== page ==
I don’t think it’s the main issue. Yes, in high crime neighborhoods there are probably more victims of both over-zealous policing and crime. And the makeup of the neighborhood definitely comes into play.

    Look, I’m a white male. I’ve, in my youth (years ago), made aggressive moves in the presence of police. NOT a good thing to see down the barrel of a gun. Really scary. And that was before the Dirty Harry films and the evolution of the police state we have today.

    NO I think this police state/entitlement mindset we live in is the biggest issue. The police should NEVER be licensed to kill, and they are today. Not directly, but the laws are such (verified by the SC) that the benefit of doubt goes to the police. Without video it’s their version that will be believed every time.

    Even their training, hours of mandated range time, dictates shoot for dead center. Dead center means DEAD person. With all the range time they should be better shots, and be able to stop someone without killing them. But then again, should they ever be allowed to wear a badge if they have the entitlement mindset to shoot someone in the back?

    How in the hell did we get here?

    1. johninPCFL April 13, 2015

      How did we get here? Easy. A mindset today that says police are ALWAYS RIGHT. I’ve been stopped many times over the years and the training drift of the officers has shifted steadily from the 1970s until today from the “I’m your friend” mindset to the “you’re the enemy” mindset. As we criminalize more activity, the training becomes more slanted toward the public as criminal.

    2. Sand_Cat April 13, 2015

      The police protect the status quo, which includes pervasive racism.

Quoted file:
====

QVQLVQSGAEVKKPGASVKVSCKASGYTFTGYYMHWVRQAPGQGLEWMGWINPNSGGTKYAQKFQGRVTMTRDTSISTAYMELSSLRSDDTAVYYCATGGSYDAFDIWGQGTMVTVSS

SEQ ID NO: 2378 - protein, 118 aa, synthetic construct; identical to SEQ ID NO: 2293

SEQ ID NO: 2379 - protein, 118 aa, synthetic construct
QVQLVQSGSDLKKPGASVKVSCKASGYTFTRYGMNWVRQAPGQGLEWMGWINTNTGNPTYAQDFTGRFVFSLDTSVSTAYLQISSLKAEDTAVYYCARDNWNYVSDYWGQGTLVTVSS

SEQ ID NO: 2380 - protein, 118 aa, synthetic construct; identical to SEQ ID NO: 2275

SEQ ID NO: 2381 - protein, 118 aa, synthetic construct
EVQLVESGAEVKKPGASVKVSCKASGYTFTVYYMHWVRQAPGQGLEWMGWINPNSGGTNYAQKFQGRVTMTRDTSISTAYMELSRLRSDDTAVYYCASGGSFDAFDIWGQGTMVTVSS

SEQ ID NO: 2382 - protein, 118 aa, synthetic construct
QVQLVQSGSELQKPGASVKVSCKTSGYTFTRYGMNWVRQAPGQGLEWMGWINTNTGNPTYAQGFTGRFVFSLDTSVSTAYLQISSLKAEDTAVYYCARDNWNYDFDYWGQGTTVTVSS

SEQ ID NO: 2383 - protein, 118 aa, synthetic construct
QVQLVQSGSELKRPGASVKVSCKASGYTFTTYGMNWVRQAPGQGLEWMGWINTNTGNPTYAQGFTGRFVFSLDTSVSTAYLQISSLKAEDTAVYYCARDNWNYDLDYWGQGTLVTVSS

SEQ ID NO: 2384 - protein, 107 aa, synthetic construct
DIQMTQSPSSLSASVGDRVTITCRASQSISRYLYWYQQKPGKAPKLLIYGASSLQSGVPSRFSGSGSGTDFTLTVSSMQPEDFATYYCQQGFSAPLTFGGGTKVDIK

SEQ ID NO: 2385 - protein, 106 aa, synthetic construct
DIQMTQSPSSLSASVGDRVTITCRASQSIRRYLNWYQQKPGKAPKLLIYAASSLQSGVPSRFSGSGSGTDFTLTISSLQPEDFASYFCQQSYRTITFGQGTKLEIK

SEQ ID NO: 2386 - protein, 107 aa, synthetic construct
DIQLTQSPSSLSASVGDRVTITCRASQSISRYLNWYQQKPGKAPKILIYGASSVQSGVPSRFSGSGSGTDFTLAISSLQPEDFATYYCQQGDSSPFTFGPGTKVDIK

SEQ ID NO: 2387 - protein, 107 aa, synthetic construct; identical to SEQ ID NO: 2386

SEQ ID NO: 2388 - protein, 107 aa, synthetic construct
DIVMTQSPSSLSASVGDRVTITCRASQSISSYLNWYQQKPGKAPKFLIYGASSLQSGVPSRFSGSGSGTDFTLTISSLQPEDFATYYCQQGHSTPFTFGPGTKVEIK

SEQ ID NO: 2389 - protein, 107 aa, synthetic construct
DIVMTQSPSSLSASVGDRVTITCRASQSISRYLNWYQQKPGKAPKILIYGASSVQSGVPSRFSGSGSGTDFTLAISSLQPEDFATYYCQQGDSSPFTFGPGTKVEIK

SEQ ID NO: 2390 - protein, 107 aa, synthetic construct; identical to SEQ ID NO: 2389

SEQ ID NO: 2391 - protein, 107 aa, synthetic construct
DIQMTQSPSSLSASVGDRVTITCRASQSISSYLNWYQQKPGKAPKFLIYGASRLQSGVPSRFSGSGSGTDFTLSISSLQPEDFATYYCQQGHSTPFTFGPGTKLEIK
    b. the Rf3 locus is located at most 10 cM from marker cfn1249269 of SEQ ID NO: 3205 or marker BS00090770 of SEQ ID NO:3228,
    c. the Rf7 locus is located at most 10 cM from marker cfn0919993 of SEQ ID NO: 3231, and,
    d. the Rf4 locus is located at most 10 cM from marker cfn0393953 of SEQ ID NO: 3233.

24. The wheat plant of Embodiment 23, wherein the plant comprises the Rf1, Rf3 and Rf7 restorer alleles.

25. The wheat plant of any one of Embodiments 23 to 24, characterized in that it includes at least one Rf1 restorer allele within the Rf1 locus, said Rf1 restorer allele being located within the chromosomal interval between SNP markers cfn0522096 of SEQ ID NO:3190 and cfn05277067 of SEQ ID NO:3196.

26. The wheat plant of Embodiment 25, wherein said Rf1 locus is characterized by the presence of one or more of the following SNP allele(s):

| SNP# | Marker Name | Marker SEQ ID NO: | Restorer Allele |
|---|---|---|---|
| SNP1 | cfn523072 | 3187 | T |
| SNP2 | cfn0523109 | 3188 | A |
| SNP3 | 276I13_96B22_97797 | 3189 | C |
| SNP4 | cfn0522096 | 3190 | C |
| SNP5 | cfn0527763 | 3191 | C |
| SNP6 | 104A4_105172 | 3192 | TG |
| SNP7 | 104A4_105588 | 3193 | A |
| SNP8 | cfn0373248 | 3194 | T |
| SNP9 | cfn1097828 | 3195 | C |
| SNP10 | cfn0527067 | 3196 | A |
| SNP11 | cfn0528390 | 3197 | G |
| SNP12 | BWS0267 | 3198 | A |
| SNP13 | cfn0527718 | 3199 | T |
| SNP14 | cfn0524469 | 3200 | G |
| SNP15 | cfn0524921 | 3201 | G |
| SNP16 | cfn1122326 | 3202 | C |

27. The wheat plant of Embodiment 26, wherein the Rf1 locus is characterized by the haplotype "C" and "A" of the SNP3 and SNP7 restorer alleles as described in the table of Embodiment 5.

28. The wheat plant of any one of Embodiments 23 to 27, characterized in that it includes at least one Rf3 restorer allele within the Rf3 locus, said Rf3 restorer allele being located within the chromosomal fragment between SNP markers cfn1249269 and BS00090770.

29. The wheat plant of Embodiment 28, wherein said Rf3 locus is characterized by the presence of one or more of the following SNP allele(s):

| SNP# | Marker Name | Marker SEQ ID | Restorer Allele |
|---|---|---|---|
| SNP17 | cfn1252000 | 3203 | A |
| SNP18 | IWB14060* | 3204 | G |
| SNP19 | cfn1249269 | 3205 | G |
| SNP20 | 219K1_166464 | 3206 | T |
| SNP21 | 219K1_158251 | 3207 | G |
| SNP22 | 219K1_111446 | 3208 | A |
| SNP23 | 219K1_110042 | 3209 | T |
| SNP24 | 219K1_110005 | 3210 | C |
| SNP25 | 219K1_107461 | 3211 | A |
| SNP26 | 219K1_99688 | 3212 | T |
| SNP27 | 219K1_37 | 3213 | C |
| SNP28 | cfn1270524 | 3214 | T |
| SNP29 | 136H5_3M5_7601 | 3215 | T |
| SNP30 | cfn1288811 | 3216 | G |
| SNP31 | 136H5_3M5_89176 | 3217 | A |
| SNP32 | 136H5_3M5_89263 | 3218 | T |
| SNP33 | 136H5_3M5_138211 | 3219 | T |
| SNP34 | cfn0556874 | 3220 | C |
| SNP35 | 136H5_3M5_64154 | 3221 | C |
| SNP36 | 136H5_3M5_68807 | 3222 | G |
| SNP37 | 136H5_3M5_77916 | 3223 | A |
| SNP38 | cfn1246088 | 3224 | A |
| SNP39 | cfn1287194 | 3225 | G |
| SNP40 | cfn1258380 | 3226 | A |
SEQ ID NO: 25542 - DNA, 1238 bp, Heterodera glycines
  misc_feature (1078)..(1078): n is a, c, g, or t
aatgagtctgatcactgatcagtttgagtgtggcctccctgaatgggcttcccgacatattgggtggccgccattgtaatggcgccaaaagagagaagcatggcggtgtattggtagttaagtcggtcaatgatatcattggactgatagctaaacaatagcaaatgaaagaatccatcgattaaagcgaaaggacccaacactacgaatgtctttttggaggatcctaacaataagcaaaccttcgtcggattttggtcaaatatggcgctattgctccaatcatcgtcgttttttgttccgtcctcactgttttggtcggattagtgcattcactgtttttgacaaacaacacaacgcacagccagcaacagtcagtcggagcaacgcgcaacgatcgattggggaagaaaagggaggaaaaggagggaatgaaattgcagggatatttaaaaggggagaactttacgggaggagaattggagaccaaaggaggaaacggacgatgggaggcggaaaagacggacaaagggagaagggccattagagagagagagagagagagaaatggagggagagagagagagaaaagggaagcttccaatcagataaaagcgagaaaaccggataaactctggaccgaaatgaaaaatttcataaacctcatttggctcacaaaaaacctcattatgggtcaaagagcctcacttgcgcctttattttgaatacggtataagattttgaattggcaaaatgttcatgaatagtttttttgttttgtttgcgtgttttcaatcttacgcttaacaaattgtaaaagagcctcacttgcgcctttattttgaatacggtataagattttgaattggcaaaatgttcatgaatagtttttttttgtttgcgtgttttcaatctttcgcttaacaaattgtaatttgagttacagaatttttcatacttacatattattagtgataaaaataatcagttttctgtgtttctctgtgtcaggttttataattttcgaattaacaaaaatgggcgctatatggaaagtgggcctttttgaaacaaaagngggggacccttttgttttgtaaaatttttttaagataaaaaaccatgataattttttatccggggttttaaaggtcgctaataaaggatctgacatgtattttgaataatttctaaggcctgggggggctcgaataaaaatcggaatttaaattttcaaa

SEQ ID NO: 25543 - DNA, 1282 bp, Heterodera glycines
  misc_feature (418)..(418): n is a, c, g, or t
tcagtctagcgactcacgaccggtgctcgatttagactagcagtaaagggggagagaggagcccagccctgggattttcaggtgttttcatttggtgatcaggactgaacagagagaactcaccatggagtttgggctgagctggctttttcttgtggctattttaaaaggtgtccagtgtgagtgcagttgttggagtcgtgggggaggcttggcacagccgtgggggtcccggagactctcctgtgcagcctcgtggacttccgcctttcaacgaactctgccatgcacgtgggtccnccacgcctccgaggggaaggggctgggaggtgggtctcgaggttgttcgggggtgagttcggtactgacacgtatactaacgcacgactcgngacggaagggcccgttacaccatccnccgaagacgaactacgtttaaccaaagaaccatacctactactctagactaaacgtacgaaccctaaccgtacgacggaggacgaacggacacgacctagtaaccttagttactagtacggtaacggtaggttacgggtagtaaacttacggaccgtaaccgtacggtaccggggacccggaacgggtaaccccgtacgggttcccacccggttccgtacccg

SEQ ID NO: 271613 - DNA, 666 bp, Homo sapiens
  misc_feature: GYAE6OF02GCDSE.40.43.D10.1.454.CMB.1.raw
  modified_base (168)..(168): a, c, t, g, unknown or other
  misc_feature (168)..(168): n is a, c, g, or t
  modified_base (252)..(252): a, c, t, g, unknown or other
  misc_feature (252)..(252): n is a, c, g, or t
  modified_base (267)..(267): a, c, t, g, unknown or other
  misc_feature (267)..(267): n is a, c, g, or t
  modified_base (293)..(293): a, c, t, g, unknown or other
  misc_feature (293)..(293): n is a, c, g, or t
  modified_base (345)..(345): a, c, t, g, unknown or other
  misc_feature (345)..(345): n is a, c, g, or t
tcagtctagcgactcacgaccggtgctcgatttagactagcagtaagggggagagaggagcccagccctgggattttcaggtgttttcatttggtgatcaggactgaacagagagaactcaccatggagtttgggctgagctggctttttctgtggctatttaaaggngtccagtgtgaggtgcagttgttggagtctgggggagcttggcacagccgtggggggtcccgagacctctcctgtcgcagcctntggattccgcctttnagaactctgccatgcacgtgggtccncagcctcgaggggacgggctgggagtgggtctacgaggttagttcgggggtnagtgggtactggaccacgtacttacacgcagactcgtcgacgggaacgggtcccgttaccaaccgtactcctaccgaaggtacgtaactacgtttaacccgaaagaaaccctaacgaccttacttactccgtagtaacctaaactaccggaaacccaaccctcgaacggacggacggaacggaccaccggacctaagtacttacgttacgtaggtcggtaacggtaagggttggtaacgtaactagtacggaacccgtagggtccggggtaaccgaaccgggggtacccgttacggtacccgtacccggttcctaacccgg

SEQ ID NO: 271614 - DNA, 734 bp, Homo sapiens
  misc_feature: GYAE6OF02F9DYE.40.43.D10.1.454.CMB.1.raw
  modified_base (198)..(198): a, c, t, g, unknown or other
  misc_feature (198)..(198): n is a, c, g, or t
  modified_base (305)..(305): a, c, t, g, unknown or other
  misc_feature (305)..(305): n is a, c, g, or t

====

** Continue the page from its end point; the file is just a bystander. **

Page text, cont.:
But you’re definitely correct that we have a huge and growing problem with the police in this country.

  5. Daniel Jones April 13, 2015

    Conservative voices against equality, fairness, and the rules being the same at all levels keep on and on about isolated incidents, but after so many of them, it just does not wash!

  6. Whatmeworry April 13, 2015

    Once again rather than vilifying the perp It’s the cop who Is blamed. Why did he run, why did he Taser the cop?? In the end he took his own life

    1. Daniel Max Ketter April 13, 2015

      Typical cop killer and black victim. History repeating itself, ust like the badge wearing bigot who shot that young boy in Ferguson. The cops here in Williamsburg are just as crooked and brutal, so it must be widespread. It’s time for President Obama and the AG to make an intervention. God bless our labor organizations for their service to our country.

    2. eaglesfanintn April 14, 2015

      And your proof he tasered the cop comes from which source?
      Let us know what state you live in when running from a cop is a crime worthy of the death penalty and the cops are judge/jury/executioner. That’s a state I’ll avoid. K? thanks.

  7. Insinnergy April 13, 2015

    O’Reilly? Ha.
    He doesn’t actually have a conscience, intelligence, morals or ethics…
    He only says things that get him paid.
    End of Story.

  8. Whatmeworry April 13, 2015

    Once again, another brutal cop killing